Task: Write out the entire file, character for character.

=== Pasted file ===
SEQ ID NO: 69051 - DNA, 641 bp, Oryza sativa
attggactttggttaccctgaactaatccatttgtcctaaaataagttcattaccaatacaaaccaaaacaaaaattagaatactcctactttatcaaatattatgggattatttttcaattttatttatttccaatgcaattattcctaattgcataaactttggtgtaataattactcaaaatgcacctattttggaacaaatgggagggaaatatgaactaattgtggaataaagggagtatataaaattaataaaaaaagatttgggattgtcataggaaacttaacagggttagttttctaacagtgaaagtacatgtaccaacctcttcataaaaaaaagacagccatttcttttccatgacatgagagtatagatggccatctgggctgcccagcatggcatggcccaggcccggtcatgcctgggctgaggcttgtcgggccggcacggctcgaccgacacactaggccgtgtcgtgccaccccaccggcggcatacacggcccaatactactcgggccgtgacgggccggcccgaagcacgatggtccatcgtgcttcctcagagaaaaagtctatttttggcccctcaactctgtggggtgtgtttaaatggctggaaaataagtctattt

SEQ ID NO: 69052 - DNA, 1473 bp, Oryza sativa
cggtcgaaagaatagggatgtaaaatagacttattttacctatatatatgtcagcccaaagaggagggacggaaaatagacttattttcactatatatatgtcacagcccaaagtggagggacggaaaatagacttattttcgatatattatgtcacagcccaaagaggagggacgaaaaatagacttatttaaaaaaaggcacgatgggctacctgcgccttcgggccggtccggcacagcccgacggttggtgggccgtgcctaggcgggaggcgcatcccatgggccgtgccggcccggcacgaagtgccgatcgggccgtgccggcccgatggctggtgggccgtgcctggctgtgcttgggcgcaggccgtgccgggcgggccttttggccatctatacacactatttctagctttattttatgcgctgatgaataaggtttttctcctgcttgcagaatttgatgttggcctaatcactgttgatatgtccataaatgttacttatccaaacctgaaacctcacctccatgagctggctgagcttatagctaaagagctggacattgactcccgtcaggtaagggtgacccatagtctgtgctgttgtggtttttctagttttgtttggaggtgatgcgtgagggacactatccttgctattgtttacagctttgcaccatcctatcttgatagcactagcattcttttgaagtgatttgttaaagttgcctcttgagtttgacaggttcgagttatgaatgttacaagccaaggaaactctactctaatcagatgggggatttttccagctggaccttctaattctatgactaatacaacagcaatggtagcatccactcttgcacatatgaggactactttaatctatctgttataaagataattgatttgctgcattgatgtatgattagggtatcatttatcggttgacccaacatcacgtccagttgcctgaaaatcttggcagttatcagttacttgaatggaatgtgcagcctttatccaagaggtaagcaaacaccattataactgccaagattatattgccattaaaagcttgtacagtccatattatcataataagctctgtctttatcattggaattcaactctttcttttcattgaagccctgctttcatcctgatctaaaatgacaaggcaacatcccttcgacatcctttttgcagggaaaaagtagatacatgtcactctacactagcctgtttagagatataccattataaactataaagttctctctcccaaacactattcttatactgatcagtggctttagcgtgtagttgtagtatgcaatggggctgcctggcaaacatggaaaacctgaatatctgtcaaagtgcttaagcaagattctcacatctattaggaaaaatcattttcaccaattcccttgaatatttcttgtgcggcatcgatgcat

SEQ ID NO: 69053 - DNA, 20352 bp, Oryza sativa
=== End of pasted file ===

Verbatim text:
SEQ ID NO: 69051 - DNA, 641 bp, Oryza sativa
attggactttggttaccctgaactaatccatttgtcctaaaataagttcattaccaatacaaaccaaaacaaaaattagaatactcctactttatcaaatattatgggattatttttcaattttatttatttccaatgcaattattcctaattgcataaactttggtgtaataattactcaaaatgcacctattttggaacaaatgggagggaaatatgaactaattgtggaataaagggagtatataaaattaataaaaaaagatttgggattgtcataggaaacttaacagggttagttttctaacagtgaaagtacatgtaccaacctcttcataaaaaaaagacagccatttcttttccatgacatgagagtatagatggccatctgggctgcccagcatggcatggcccaggcccggtcatgcctgggctgaggcttgtcgggccggcacggctcgaccgacacactaggccgtgtcgtgccaccccaccggcggcatacacggcccaatactactcgggccgtgacgggccggcccgaagcacgatggtccatcgtgcttcctcagagaaaaagtctatttttggcccctcaactctgtggggtgtgtttaaatggctggaaaataagtctattt

SEQ ID NO: 69052 - DNA, 1473 bp, Oryza sativa
cggtcgaaagaatagggatgtaaaatagacttattttacctatatatatgtcagcccaaagaggagggacggaaaatagacttattttcactatatatatgtcacagcccaaagtggagggacggaaaatagacttattttcgatatattatgtcacagcccaaagaggagggacgaaaaatagacttatttaaaaaaaggcacgatgggctacctgcgccttcgggccggtccggcacagcccgacggttggtgggccgtgcctaggcgggaggcgcatcccatgggccgtgccggcccggcacgaagtgccgatcgggccgtgccggcccgatggctggtgggccgtgcctggctgtgcttgggcgcaggccgtgccgggcgggccttttggccatctatacacactatttctagctttattttatgcgctgatgaataaggtttttctcctgcttgcagaatttgatgttggcctaatcactgttgatatgtccataaatgttacttatccaaacctgaaacctcacctccatgagctggctgagcttatagctaaagagctggacattgactcccgtcaggtaagggtgacccatagtctgtgctgttgtggtttttctagttttgtttggaggtgatgcgtgagggacactatccttgctattgtttacagctttgcaccatcctatcttgatagcactagcattcttttgaagtgatttgttaaagttgcctcttgagtttgacaggttcgagttatgaatgttacaagccaaggaaactctactctaatcagatgggggatttttccagctggaccttctaattctatgactaatacaacagcaatggtagcatccactcttgcacatatgaggactactttaatctatctgttataaagataattgatttgctgcattgatgtatgattagggtatcatttatcggttgacccaacatcacgtccagttgcctgaaaatcttggcagttatcagttacttgaatggaatgtgcagcctttatccaagaggtaagcaaacaccattataactgccaagattatattgccattaaaagcttgtacagtccatattatcataataagctctgtctttatcattggaattcaactctttcttttcattgaagccctgctttcatcctgatctaaaatgacaaggcaacatcccttcgacatcctttttgcagggaaaaagtagatacatgtcactctacactagcctgtttagagatataccattataaactataaagttctctctcccaaacactattcttatactgatcagtggctttagcgtgtagttgtagtatgcaatggggctgcctggcaaacatggaaaacctgaatatctgtcaaagtgcttaagcaagattctcacatctattaggaaaaatcattttcaccaattcccttgaatatttcttgtgcggcatcgatgcat

SEQ ID NO: 69053 - DNA, 20352 bp, Oryza sativa